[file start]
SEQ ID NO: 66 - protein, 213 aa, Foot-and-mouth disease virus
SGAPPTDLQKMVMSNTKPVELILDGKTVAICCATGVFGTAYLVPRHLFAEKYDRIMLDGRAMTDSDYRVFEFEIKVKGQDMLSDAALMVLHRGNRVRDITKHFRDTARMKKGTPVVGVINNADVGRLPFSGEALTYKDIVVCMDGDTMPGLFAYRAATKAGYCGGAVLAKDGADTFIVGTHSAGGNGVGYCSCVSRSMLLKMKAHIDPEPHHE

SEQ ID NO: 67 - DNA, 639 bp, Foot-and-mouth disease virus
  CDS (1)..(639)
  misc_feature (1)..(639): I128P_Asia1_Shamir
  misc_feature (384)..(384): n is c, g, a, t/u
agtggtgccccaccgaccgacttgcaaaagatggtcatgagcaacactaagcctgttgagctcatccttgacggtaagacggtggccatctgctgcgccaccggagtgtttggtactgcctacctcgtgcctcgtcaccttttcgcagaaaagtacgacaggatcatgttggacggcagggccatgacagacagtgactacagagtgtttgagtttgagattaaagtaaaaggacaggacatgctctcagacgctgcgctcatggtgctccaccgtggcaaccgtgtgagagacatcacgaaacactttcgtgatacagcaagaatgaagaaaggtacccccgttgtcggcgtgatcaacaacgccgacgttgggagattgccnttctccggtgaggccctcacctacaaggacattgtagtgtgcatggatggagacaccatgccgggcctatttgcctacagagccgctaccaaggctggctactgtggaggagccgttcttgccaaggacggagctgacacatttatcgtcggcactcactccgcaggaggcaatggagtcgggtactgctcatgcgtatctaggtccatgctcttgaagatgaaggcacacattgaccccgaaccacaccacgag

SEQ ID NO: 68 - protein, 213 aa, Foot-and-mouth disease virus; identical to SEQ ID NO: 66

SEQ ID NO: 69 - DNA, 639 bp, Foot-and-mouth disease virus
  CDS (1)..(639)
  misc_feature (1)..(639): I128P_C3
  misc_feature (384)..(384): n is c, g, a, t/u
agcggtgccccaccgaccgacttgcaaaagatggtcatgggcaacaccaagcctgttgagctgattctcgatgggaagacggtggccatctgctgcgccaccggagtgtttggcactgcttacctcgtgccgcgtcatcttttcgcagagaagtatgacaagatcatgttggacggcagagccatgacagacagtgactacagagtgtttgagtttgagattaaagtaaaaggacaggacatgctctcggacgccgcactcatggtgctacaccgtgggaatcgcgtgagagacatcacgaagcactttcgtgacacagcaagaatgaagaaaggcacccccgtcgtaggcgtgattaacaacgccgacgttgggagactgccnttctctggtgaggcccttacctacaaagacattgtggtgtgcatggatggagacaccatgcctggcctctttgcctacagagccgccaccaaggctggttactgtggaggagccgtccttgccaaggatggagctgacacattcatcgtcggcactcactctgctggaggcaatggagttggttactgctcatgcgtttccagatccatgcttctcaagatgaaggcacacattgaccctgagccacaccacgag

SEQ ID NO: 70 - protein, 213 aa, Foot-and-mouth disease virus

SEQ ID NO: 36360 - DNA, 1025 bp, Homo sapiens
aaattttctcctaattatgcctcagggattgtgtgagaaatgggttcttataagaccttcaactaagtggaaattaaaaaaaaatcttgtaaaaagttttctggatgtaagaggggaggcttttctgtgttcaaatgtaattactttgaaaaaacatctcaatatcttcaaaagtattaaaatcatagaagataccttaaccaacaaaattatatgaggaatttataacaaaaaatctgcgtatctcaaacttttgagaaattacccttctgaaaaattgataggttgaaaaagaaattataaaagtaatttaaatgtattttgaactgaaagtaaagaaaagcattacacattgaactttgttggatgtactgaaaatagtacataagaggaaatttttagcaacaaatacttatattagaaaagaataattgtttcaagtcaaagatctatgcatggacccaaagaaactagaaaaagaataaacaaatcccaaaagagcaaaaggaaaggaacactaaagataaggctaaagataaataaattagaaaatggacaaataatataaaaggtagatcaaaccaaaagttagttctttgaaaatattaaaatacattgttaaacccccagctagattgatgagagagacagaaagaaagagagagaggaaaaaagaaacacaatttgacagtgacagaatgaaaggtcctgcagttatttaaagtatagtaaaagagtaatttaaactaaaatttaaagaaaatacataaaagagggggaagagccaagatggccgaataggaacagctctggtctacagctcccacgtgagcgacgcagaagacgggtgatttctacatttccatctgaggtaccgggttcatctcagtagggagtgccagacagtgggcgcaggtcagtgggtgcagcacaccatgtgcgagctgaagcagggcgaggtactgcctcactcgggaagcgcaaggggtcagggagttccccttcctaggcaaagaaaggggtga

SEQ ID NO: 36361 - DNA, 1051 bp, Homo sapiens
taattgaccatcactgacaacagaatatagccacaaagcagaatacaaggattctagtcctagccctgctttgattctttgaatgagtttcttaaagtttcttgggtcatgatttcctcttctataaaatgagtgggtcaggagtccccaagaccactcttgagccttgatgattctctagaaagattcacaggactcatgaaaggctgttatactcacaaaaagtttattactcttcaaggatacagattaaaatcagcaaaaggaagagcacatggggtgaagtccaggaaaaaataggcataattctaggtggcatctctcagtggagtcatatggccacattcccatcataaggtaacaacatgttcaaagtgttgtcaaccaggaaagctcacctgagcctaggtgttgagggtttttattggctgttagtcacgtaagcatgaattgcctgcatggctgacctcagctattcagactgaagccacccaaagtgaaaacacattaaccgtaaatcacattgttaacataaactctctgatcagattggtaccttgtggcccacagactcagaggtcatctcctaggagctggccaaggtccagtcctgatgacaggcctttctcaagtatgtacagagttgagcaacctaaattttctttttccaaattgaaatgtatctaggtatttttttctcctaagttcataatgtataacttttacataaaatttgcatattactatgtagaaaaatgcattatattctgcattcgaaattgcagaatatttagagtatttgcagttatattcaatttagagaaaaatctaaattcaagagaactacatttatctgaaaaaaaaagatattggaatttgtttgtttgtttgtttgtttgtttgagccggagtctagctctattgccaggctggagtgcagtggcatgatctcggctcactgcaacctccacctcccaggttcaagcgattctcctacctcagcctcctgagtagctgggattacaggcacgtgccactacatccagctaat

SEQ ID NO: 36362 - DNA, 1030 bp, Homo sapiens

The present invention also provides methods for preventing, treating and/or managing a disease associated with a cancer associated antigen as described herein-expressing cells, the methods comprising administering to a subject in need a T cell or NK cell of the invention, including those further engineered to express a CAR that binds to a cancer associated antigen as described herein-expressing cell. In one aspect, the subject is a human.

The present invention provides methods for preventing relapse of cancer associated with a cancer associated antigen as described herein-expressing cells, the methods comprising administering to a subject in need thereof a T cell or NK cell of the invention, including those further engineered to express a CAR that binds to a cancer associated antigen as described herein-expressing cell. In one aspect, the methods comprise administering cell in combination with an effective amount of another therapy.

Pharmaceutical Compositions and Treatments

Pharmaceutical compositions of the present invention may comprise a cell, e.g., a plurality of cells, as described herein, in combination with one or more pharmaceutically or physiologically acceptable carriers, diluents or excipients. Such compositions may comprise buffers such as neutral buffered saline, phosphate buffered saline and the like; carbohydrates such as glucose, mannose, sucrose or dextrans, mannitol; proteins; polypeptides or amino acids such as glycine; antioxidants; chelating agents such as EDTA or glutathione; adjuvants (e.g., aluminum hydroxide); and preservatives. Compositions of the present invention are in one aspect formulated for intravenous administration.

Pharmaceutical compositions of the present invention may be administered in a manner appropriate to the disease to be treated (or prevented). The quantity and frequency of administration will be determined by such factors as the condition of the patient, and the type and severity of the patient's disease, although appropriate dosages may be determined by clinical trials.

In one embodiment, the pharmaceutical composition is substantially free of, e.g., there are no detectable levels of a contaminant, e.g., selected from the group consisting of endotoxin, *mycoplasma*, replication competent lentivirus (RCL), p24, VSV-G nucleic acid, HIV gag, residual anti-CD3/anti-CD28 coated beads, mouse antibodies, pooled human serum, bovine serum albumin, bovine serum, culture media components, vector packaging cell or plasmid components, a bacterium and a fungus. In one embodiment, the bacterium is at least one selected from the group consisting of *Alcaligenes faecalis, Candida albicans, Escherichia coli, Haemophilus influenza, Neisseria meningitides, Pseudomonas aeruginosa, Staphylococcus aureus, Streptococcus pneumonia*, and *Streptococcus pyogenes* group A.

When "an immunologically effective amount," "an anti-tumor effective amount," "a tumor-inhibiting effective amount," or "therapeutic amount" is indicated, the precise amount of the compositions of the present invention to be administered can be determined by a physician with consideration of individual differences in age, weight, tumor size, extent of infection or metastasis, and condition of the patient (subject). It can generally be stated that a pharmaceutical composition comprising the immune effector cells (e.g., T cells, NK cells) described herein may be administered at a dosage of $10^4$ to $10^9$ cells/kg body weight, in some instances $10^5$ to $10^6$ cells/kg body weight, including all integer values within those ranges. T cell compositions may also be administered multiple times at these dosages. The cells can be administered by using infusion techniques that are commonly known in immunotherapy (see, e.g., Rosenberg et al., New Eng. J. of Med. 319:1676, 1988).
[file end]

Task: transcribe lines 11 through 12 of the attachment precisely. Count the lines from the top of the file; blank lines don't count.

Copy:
  misc_feature (1)..(639): I128P_C3
  misc_feature (384)..(384): n is c, g, a, t/u